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Numbers: Taking a Second Look at Efficiency Rankings
Posted at 5:03 p.m. on July 17, 2014
A ranking by the American Council for an Energy-Efficient Economy released Thursday finds that the United States lags behind other industrialized nations in terms of energy efficiency, ranked at 13th place.
The report details how the group used 31 matrices to assess energy use and policy among various economies, but the results are a bit surprising. China tops the U.S. coming in at fourth place. The group used the complex parameters in an attempt to normalize differences that exist between countries.
Arguably, the efficiency of an economy is simply the amount of energy needed per dollar of gross domestic product, shown in the above chart using data in the report. By that parameter, China falls with Russia and India to the least efficient end of the spectrum while the United States is middle of the pack, trailing European nations.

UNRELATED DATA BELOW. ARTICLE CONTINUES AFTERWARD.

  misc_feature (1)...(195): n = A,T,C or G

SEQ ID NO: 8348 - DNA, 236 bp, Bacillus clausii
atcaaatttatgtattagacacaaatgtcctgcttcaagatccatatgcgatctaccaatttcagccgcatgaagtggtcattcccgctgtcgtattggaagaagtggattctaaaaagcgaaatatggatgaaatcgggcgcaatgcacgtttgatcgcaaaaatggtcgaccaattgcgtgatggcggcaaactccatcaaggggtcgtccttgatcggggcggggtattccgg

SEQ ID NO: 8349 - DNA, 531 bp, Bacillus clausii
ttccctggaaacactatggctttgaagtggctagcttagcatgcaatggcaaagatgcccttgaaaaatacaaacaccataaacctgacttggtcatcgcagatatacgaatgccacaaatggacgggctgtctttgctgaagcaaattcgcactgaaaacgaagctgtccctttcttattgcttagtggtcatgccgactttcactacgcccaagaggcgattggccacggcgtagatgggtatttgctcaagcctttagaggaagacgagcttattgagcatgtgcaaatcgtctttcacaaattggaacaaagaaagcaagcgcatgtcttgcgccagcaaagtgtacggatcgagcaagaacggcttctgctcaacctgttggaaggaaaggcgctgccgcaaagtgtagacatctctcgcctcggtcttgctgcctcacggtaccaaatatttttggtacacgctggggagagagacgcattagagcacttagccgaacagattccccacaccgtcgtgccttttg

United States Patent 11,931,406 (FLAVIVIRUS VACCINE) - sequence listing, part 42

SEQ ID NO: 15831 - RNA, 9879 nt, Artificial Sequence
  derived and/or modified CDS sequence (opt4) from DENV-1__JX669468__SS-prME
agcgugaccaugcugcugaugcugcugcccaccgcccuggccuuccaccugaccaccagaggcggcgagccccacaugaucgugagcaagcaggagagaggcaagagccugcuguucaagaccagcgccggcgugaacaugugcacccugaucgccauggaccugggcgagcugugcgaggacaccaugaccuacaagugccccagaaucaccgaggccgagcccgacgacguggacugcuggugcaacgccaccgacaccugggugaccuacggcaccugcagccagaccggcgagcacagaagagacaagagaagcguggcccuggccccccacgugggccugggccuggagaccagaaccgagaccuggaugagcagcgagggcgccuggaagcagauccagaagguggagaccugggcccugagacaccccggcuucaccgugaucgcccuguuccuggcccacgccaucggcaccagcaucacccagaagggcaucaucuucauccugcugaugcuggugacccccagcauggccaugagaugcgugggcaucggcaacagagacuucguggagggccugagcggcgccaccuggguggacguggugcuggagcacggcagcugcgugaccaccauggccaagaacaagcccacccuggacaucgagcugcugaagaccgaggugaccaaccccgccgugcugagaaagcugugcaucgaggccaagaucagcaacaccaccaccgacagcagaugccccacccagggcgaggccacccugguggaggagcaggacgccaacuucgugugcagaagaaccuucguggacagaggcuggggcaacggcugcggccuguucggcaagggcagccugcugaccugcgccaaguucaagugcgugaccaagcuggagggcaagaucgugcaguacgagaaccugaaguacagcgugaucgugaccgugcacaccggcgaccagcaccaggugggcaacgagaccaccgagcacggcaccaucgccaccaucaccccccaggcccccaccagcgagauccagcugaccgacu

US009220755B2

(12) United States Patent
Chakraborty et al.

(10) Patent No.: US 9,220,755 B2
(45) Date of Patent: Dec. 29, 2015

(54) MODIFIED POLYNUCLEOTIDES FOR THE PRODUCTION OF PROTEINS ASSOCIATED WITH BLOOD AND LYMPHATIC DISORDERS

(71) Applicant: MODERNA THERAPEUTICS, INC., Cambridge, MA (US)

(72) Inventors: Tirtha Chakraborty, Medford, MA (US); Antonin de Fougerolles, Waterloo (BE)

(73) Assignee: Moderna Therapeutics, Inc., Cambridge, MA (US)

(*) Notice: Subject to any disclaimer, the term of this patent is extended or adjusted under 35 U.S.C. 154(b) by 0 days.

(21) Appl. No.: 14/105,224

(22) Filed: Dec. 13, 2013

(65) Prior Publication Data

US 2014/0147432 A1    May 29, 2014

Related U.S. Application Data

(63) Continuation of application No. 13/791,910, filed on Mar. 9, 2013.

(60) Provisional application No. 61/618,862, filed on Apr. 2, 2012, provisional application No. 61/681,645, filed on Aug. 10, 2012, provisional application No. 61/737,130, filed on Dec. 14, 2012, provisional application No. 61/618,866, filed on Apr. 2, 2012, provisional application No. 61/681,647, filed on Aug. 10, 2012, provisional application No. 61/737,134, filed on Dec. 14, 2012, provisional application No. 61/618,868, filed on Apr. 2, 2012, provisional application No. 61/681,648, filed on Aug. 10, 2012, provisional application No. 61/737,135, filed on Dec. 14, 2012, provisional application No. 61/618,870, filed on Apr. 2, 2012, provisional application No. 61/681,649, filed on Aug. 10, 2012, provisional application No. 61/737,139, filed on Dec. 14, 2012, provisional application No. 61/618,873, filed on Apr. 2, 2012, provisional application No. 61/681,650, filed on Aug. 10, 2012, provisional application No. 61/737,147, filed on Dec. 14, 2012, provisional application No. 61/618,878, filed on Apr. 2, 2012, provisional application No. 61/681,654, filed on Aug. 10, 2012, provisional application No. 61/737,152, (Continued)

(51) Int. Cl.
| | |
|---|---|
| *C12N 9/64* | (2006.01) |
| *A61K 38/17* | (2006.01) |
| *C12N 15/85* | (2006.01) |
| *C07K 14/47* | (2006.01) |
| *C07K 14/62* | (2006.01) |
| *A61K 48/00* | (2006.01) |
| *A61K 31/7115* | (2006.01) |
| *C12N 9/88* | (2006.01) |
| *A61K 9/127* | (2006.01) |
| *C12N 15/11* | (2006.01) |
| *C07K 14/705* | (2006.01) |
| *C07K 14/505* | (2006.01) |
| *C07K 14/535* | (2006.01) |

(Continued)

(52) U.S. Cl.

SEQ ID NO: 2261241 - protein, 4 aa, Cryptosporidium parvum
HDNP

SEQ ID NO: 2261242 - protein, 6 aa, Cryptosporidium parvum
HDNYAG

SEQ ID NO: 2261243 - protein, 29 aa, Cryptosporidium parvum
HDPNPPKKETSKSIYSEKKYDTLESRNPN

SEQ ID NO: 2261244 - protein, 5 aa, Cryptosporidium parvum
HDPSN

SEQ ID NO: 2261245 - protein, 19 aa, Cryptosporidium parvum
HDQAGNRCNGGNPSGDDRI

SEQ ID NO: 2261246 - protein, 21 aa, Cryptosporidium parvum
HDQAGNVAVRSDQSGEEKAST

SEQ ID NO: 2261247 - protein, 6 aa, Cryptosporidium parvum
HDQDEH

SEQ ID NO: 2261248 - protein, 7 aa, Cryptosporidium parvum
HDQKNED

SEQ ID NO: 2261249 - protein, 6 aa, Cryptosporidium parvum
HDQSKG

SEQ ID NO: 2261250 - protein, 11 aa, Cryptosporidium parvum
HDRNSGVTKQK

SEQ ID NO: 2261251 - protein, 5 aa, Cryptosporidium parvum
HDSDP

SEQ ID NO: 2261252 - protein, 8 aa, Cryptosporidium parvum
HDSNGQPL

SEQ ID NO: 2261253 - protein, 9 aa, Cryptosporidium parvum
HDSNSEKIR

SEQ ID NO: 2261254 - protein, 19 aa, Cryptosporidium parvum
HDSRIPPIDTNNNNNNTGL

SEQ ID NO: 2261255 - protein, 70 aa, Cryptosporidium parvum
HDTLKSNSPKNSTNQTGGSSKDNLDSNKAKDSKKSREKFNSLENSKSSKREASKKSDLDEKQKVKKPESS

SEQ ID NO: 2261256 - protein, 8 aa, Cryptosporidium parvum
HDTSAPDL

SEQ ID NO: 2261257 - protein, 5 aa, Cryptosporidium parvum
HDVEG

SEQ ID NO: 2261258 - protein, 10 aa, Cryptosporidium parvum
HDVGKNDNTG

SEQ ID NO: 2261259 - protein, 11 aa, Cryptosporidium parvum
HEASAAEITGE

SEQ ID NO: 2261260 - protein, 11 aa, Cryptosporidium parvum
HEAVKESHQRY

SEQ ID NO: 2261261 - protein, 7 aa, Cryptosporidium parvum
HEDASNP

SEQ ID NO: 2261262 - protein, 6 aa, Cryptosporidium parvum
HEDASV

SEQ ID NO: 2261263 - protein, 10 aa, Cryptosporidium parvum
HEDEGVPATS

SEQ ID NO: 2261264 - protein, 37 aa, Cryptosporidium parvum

While countries produce goods, they also sustain people. Slicing the data to show energy use per person shows a very different ranking, with the U.S. using more energy per person than most of the other assessed nations.
“There’s really no excuse for the U.S. lagging behind other nations on energy efficiency,” said Rep. Peter Welch, D-Vt., in a statement on the report. Welch has supported efficiency bills the House has passed, though a related measure has stalled in the Senate. He hoped the assessment would be “a wakeup call that it’s time for America to step-up and lead on energy efficiency.”